IBM is partnering with ACI Worldwide to develop an electronic payments system that will run on IBM's mainframe computers and software, the companies announced on Monday.
ACI will optimize its payments processing software to run on IBM's System z mainframe, DB2 database, WebSphere middleware, Tivoli management software and Crypto-chip technology, the companies said. ACI will also host its software in IBM's data centers, for customers who want an on-demand payments system.
ACI's software is used by banks, large retailers and payment-processing companies for managing retail and wholesale payments. Today, many of those companies use a tangle of legacy systems to handle their various transactions and services.
The alliance will give them a way to consolidate those services on IBM's powerful mainframe computers, and employ the SOA (services oriented architecture) model to reuse services that are common to both retail and wholesale payments, said Charles Linberg, ACI's chief technology officer.
The goal is to help customers consolidate the myriad of payment systems they are using and cut out some of the complexity, he said. As part of the deal, IBM will receive warrants to buy up to 8 percent of ACI's outstanding shares, the companies said.
The deal appears to be a win for IBM over Hewlett-Packard, whose NonStop Kernel Systems were for a long time the only platform supported by ACI's payment processing software, called BASE24. BASE24 is nearing the end of its life, and ACI is encouraging its customers to switch to a new, cross-platform version called BASE24-eps that it began developing about a decade ago.
"We will still support the NonStop Kernel environment, but we believe the best opportunity for our customers is the z Series," Linberg said. "Many of them already have z Series, and frequently for customers with the NonStop Kernel Environment, the only application running on it is ours."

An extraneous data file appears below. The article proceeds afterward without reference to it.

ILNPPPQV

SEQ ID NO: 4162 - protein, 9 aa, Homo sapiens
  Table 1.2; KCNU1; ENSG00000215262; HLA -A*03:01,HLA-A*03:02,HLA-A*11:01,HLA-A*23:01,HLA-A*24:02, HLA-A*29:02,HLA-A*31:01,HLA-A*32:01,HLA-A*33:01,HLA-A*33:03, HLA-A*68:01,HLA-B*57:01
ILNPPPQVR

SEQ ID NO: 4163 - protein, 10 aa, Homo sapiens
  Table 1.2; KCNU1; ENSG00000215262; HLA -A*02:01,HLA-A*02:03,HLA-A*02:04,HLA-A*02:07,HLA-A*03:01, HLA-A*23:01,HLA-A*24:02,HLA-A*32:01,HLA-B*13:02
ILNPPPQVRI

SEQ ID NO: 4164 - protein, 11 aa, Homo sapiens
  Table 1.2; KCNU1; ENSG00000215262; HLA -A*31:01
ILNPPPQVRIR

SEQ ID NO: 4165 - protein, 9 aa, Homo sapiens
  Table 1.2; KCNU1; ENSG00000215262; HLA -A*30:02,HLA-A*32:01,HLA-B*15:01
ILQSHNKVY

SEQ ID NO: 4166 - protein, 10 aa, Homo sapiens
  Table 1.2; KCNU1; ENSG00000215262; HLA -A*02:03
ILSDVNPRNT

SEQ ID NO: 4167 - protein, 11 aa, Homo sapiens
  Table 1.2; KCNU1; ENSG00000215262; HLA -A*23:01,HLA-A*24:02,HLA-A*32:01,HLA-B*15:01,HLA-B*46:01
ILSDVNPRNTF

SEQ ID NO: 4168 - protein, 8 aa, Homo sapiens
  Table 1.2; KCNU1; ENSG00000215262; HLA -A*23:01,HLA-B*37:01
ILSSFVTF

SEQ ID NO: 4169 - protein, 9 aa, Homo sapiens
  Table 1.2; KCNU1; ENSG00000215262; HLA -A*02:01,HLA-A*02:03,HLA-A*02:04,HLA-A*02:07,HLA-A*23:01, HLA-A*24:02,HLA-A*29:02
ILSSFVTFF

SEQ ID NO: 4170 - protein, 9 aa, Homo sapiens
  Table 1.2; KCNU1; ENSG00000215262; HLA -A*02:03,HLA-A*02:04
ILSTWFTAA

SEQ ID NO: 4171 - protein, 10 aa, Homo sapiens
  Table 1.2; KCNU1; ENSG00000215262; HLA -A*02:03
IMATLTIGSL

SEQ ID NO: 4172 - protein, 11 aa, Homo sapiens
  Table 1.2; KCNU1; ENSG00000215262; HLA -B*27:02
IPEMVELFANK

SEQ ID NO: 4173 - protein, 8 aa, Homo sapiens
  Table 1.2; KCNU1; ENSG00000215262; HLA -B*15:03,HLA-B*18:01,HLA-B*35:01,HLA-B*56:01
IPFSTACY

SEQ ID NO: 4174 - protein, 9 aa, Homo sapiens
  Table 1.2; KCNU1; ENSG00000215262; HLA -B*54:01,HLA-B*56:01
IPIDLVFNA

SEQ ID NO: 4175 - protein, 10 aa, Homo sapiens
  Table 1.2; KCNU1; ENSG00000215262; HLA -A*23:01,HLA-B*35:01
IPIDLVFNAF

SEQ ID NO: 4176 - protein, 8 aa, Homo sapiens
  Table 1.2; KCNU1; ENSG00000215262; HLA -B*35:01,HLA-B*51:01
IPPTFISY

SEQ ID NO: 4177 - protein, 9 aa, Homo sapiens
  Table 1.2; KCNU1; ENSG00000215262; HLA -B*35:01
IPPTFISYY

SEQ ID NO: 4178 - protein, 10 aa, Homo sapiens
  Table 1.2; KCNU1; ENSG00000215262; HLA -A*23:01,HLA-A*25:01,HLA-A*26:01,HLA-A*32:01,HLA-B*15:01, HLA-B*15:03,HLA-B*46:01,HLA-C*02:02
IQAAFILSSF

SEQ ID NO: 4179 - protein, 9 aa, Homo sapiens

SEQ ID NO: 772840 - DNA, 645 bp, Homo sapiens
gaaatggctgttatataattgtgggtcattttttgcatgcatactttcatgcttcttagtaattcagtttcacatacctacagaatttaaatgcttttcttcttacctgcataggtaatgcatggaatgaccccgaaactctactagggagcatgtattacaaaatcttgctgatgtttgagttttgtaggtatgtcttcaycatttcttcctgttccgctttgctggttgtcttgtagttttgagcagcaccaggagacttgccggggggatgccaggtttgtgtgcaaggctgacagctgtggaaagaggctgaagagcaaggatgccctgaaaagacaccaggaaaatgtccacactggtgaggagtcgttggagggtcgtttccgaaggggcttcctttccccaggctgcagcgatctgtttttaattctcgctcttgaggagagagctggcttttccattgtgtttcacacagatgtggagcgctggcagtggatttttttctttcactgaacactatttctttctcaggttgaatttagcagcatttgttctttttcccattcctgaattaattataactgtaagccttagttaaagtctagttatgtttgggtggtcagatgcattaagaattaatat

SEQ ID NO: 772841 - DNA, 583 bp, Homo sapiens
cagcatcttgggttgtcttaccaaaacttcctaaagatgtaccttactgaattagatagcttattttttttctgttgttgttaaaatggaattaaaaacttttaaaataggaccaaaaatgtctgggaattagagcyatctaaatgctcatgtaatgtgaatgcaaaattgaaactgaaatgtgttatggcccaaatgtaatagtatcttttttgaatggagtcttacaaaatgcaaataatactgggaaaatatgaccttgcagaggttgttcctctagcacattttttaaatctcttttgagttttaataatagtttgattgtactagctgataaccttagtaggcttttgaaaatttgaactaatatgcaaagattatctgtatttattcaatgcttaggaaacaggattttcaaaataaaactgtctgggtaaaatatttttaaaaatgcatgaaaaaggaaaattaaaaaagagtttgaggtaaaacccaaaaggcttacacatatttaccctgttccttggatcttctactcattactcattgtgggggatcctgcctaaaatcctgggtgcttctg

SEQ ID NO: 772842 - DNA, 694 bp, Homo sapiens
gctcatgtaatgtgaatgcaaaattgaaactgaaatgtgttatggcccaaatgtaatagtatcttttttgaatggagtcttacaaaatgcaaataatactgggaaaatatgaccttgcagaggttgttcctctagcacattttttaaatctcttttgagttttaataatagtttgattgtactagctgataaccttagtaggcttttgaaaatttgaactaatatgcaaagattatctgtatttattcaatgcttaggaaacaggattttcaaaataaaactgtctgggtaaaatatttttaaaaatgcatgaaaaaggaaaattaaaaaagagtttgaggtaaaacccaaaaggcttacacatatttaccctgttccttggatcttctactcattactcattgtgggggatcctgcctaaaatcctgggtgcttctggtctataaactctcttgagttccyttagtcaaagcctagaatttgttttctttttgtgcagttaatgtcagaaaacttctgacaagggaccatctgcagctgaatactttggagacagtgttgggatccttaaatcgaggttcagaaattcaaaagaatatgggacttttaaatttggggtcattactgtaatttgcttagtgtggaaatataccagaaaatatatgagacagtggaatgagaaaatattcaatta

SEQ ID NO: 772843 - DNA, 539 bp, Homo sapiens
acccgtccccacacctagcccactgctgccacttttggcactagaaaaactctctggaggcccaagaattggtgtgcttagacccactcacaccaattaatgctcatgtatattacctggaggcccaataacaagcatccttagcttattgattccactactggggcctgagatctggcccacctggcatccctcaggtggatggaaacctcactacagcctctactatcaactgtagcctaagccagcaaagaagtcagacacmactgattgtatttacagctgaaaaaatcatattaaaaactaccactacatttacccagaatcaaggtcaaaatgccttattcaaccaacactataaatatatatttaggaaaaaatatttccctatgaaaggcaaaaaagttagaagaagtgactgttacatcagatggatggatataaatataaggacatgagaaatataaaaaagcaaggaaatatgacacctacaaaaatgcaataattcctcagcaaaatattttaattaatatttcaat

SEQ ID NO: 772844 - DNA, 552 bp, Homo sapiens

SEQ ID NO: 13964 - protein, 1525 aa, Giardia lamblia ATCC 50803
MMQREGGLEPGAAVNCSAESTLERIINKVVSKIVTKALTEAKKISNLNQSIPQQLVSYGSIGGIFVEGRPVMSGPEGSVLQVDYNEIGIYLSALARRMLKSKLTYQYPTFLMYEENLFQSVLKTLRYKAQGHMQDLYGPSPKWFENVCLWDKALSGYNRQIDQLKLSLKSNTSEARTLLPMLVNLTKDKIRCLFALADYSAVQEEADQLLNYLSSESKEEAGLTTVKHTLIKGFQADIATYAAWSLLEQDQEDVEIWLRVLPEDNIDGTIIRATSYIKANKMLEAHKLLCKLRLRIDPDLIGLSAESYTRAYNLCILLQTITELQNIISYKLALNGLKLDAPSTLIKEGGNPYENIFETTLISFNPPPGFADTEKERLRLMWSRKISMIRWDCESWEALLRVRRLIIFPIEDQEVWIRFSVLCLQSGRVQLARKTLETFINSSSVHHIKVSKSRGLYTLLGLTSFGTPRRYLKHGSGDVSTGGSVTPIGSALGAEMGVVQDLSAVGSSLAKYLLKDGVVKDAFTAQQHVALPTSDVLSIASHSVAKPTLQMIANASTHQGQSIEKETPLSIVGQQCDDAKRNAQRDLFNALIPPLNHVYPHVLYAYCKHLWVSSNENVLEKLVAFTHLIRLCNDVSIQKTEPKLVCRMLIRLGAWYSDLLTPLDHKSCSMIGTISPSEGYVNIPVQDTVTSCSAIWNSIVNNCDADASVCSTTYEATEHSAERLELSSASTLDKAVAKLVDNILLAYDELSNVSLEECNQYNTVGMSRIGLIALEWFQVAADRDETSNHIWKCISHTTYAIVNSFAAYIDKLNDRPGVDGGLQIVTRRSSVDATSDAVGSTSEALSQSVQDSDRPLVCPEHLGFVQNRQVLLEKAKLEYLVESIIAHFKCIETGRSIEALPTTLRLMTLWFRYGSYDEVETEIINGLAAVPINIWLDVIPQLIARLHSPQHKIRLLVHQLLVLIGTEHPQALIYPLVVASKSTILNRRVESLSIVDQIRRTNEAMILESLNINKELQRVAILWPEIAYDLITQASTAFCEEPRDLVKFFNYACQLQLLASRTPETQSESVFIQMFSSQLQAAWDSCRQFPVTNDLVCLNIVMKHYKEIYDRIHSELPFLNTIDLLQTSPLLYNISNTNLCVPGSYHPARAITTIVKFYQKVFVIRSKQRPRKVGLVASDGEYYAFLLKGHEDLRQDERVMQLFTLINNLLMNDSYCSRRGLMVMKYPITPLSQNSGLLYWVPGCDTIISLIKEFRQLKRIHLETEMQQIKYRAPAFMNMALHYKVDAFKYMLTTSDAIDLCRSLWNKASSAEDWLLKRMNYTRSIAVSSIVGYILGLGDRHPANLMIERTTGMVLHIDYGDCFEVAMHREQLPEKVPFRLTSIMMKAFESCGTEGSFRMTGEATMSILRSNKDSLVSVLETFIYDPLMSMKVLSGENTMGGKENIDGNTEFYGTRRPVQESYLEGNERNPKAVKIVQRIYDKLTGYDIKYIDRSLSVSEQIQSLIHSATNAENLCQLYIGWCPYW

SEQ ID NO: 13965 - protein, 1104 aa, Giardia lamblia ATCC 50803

The companies will establish "migration factories" in the next few months staffed where IBM and ACI staff will help customers migrate to IBM's servers and software, said June Felix, general manager of IBM's Banking Solutions division.
She called it a significant deal for IBM that will help drive new business for its mainframe computers.
Separately, ACI also reported its preliminary financial results on Monday for the quarter ended Sept. 30. Its revenue declined about 4 percent from a year ago, to US$84.7 million, and the company also lowered its revenue forecast for the year ahead, citing a backlog of deals.
It hopes to find new business partly through hosted payment services. ACI offers hosted services in North America today, and it plans to expand them worldwide through the deal with IBM, Linberg said.
The companies didn't disclose the value of the contract, which Felix said is for five years. The companies will jointly market and sell ACI's system, and ACI will "extensively" increase the number of IBM engineers it has, Linberg said.
ACI's customers include more than 110 of the world's top 500 banks, including ING Bank, the State Bank of India, Bank of America and First Data.
ACI expects to have finished optimizing BASE24-eps for IBM's mainframes and software by the end of the first half of next year. The companies are also working on fraud detection technologies, and a wholesale payments product for companies in the Single Euro Payments Area (SEPA).
Later they will work on smart card management, dispute management, online banking and a payment hub implementing IBM's Payments Framework, they said.